Epictetus
Epictetus


CHAPTER 3: God Is Father of All

If a person agrees that we all spring from God and that God is the father of mankind, this person should never have an ignoble or mean thought about himself. Yet he often does have such thoughts. But if Caesar should adopt this same person, no one could endure the man's arrogance. If, then, this person knows that he is the son of Zeus shouldn't he be even more elated?

Yet we do not think this way. Since we mingle in ourselves the body of an animal and godlike reason, we often incline to the miserable portion of our make-up that is mortal. Very few incline to that which is divine within us. Every man makes use of things according to the opinion which he has about these things. Those few who think that they are formed for fidelity and modesty and a sure use of appearances have no mean or ignoble thoughts about themselves. But with the many it is quite the contrary. For they say, "What am I but a poor, miserable man, with my wretched bit of flesh?" Wretched they are indeed. But you as an individual possess something better than a "bit of flesh". Why then do you neglect that which is better? Why do you attach yourself to the physical?

We pray using the phrase "Our Father". God is the father, the creator of all, and like a father he has concern and love for his children. Jesus, in Matthew 23:9 reminds us, "Call no man your father upon the earth: for one is your Father, which is in heaven." Without the benefit of Christian Theology, Epictetus has hit upon the absolute truth regarding our relationship with God. Since we are children of God we should be buoyed by the fact. Being a child of God is better than being the child of the most powerful person in the world. In the time of Epictetus this was the Roman Emperor.

We often forget that God is our father. We act as though we do not have the benefit of God's guidance and blessing. In times of trouble we despair when, in fact, we have the most powerful force in the universe to help guide our actions. We have God. This does not mean that we will inevitably succeed in every endeavor. God will occasionally allow us to fail in order that we learn from our mistakes. But we should be confident that He will help us in our times of crisis.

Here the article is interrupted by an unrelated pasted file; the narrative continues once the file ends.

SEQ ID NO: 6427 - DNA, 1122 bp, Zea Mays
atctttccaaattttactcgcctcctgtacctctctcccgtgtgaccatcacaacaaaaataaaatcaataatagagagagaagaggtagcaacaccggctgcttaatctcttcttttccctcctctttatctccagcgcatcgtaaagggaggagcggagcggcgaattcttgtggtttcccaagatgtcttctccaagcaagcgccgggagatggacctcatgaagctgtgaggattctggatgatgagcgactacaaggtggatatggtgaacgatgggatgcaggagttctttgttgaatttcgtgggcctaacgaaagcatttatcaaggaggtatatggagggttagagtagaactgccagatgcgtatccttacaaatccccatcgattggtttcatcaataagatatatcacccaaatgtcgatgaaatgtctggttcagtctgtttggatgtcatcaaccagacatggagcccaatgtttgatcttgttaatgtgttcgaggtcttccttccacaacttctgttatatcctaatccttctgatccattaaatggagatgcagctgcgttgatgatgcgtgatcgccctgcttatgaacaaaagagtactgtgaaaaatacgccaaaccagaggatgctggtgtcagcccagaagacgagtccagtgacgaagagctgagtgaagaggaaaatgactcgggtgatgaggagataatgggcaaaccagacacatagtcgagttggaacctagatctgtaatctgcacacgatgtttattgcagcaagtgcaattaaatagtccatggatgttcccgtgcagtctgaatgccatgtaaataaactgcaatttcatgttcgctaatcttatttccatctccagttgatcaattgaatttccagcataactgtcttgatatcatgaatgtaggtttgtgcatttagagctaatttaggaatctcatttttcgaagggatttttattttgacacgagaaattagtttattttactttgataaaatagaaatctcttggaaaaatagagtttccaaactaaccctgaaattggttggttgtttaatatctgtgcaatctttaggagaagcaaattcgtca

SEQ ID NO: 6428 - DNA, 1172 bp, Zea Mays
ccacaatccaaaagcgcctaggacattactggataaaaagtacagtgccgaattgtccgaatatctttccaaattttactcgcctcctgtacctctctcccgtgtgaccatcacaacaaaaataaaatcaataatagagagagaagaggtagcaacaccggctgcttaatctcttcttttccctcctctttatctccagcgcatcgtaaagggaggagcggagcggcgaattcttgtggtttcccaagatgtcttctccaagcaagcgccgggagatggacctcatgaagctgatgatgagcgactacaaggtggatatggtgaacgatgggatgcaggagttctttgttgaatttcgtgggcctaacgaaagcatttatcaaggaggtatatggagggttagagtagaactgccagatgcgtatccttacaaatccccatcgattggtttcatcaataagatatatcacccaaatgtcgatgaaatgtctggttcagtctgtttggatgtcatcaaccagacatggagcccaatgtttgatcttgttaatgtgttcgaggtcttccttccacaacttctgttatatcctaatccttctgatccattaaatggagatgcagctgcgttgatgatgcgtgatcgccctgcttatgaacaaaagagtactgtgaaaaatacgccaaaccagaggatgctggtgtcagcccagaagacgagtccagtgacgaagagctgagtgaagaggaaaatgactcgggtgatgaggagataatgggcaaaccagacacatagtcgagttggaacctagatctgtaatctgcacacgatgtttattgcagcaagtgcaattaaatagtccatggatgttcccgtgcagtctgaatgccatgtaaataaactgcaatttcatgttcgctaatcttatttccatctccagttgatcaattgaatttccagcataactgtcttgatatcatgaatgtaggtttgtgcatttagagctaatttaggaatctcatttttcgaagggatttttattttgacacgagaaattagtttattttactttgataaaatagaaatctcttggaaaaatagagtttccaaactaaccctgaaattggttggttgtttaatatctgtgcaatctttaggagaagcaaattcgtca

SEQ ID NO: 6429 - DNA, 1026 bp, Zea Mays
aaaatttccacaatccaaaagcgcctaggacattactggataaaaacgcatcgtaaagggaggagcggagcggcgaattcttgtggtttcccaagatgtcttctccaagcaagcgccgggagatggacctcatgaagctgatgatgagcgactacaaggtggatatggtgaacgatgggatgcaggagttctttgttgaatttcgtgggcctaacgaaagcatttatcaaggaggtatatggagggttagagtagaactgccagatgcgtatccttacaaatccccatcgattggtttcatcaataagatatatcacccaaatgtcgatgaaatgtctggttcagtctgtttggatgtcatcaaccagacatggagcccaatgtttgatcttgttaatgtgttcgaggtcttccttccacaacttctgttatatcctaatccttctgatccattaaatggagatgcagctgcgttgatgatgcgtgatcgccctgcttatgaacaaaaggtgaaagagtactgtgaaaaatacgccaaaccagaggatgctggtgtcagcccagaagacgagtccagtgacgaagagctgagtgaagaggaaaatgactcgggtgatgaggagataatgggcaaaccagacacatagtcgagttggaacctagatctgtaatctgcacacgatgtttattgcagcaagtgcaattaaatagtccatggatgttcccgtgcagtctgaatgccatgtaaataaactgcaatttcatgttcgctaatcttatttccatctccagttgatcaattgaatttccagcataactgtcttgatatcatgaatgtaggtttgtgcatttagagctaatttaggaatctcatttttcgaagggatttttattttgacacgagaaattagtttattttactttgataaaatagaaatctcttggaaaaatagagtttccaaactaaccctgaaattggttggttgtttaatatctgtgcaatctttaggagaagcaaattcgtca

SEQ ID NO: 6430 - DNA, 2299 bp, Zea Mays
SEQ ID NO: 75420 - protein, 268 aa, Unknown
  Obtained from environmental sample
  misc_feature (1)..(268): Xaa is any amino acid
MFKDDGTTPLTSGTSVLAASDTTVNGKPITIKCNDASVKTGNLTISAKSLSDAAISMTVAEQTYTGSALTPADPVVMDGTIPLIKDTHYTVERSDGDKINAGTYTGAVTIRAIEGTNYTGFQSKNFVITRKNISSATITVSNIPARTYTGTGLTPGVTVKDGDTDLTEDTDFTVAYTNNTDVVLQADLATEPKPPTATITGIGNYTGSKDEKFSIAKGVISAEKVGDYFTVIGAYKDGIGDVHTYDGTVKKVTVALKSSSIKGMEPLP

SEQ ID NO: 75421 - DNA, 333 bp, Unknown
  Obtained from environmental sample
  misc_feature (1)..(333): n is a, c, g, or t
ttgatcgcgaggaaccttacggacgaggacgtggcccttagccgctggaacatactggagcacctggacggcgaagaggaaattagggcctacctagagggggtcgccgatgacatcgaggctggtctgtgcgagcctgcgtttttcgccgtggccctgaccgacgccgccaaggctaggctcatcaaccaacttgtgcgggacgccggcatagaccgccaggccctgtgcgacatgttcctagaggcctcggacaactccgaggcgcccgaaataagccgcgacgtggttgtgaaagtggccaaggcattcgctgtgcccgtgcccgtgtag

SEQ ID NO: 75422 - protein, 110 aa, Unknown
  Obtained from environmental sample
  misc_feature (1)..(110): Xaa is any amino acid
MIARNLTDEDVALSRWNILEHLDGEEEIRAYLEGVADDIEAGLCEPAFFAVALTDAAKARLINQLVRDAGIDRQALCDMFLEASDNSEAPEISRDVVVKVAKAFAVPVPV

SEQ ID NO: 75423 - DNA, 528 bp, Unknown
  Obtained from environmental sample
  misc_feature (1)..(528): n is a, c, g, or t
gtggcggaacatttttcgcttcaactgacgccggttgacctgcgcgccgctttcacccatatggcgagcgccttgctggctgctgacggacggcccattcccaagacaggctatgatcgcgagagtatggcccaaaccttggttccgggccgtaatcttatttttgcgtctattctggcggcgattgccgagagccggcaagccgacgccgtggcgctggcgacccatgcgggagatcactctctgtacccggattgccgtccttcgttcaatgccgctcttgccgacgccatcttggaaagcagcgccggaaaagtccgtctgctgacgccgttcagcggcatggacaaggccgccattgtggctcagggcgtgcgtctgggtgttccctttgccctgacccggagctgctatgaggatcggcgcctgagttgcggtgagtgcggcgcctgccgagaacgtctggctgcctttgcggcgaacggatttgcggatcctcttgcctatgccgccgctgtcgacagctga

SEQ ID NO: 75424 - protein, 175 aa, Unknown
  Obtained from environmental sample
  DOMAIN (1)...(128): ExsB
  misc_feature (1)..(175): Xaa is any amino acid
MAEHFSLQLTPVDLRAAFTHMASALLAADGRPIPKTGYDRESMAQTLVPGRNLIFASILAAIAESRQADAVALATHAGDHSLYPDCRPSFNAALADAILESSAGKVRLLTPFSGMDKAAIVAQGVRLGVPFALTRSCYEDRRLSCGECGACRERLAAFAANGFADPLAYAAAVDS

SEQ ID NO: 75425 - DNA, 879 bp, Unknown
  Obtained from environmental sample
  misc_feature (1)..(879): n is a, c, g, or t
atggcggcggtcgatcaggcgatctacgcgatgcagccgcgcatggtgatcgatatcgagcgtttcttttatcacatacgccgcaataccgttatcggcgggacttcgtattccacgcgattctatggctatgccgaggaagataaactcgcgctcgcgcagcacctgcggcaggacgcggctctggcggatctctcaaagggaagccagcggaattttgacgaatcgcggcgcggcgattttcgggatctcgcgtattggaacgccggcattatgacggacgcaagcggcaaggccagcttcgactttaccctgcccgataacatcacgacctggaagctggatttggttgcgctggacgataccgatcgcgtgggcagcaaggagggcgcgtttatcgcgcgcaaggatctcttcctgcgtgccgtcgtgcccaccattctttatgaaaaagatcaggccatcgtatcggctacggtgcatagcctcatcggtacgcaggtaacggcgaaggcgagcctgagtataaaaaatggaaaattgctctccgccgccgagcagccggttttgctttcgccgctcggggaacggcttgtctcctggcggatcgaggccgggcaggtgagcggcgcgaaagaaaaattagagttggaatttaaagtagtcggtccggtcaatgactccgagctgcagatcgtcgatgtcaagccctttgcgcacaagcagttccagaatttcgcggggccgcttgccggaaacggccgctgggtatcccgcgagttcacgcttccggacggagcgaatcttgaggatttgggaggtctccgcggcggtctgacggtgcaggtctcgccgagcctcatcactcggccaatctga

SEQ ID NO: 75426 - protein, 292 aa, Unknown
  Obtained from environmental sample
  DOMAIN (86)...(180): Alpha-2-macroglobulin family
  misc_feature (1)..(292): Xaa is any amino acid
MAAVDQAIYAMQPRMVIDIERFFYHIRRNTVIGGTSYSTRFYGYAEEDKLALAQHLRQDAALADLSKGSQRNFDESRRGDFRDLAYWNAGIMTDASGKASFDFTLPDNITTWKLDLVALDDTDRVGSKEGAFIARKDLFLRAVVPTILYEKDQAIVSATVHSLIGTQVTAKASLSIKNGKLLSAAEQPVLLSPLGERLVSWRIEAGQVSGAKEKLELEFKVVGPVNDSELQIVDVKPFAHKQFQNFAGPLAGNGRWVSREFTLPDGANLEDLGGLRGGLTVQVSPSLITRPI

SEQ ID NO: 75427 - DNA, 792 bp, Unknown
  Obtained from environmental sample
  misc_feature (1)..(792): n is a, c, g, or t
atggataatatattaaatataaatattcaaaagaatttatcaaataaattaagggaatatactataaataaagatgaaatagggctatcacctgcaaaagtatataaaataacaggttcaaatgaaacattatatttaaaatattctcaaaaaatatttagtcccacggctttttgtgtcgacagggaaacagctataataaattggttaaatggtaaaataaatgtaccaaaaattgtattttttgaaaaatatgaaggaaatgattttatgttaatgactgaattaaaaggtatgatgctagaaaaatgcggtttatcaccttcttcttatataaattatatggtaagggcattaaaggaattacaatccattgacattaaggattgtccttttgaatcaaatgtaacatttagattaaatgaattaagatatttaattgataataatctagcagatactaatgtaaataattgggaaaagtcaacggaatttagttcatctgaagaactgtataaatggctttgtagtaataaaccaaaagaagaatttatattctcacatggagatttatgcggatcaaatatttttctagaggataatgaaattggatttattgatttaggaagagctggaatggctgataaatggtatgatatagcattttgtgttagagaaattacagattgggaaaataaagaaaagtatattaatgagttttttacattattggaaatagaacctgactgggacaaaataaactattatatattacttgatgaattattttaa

The idea of "God the Father" for Christians also implies a personal and close relationship. Epictetus does not touch on this aspect. To Epictetus God seemed a bit more impersonal than he does to most Christians. But by the same token, the father of Roman times was a bit of a distant figure as well. He ruled his family with a firm, if generally beneficent, hand.

As Christians we know that we can pray and bring our concerns to God. As our Father he will answer our prayer. He may not answer it in the way we would wish, but at least He will have the compassion of a father.

Epictetus carries the idea of "God the Father" one step further. He says that from God we have inherited (or at least been given) a special attribute, our minds. It is on this aspect of our being that we must be focused. It is the flesh that is weak and that prompts us to do harmful things to ourselves and others. It is with our minds, our souls that we overcome these tendencies.

Chapter 3:

  1. God Is Father of All
  2. Faithless Wolves (3a)
Stoicism and Christianity Index

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This is a translation and explanation of the first book of the Discourses of Epictetus. His words are in regular text, comments are in bold.

Biographical Information on Epictetus


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